Thomas Beedome

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Thomas Beedome (died c.1641) was an English poet. He appears to have died at an early age, and of his life nothing is known.


Beedome was the author of a short volume of verses, posthumously published in 1641 under the title of Poems Divine and Humane. The collection was edited by Henry Glapthorne, the dramatist and poet, who prefixed a short prose address "to the reader", which is followed by commendatory verses of Ed. May, Glapthorne (in English and Latin), W. C[hamberlaine ?], Em. D. (two copies), H. S., H. P., R. W., J. S., Tho. Nabbes, and Fran. Beedome (the author's brother).

The chief poem in the collection is entitled The Jealous Lover, or the Constant Maid, in six-line stanzas. Songs, epistles, epigrams, elegies, and devotional poems follow. Two epigrams are addressed "to Sir Henry Wotten, Knight", another is in praise of George Wither. There are also epigrams "to his deare friend William Harrington" "to the heroicall Captaine Thomas James" (two), and "to the memory of his honoured friend, Master John Donne, an Eversary".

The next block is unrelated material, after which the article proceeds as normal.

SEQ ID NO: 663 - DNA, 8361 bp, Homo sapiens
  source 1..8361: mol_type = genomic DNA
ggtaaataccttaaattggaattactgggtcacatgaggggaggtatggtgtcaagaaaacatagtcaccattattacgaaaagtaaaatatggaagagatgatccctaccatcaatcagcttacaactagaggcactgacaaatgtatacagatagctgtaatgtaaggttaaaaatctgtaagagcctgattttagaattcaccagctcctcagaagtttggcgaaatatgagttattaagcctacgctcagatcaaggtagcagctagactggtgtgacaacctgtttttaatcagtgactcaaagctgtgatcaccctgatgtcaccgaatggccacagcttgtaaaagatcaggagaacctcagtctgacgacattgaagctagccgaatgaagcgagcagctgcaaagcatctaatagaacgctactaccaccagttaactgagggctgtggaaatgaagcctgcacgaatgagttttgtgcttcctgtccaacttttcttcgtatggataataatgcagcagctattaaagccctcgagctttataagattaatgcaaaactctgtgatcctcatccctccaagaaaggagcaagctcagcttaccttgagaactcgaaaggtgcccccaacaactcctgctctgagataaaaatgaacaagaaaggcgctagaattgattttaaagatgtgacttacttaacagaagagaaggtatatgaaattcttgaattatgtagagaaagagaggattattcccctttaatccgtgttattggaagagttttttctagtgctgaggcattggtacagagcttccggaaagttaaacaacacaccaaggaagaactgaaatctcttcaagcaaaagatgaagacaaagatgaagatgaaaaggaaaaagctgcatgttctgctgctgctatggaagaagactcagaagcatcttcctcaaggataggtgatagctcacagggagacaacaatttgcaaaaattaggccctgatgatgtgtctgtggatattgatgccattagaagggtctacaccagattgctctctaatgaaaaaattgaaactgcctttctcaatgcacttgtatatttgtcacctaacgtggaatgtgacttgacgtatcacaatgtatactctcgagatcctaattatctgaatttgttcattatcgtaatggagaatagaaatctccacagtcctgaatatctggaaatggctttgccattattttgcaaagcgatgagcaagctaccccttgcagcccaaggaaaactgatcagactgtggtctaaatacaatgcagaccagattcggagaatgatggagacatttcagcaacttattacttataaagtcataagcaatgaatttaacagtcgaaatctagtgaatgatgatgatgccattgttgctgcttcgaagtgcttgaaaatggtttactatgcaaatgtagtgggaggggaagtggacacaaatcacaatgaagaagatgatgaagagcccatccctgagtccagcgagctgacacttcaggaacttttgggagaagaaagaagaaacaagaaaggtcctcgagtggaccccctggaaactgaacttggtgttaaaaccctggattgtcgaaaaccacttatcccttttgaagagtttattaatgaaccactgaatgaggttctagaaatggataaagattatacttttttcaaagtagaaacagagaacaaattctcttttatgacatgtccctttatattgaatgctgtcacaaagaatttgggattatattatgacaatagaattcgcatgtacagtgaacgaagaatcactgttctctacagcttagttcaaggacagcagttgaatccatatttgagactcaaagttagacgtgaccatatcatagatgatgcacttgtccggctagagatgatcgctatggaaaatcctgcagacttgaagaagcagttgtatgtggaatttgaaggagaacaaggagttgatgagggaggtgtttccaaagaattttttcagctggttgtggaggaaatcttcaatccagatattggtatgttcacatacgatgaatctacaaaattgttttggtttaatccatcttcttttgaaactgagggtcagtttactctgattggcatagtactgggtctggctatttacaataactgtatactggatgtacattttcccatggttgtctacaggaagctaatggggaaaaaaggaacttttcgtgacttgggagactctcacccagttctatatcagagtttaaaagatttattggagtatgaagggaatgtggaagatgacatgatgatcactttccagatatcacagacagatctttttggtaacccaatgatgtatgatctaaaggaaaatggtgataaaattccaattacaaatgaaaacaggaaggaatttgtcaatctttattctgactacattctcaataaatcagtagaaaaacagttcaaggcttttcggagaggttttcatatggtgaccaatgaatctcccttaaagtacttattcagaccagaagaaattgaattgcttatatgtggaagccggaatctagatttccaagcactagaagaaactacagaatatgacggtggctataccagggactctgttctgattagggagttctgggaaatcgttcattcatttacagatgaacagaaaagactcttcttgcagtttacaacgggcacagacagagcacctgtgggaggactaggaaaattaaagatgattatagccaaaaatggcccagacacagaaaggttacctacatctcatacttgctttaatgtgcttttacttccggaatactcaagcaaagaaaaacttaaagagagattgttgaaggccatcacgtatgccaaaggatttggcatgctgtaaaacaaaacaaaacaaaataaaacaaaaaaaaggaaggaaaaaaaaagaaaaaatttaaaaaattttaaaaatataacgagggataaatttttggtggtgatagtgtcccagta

The poetaster Henry Bold seems to have thought well of Beedome's poems, for the first fifty pages of his Wit a Sporting, 1657, are taken verbatim from Beedome's book. A copy of commendatory verses by Beedome is prefixed to Robert Farley's Light's Morall Emblems, 1638.



 This article incorporates text from a publication now in the public domain"Beedome, Thomas". Dictionary of National Biography. London: Smith, Elder & Co. 1885–1900.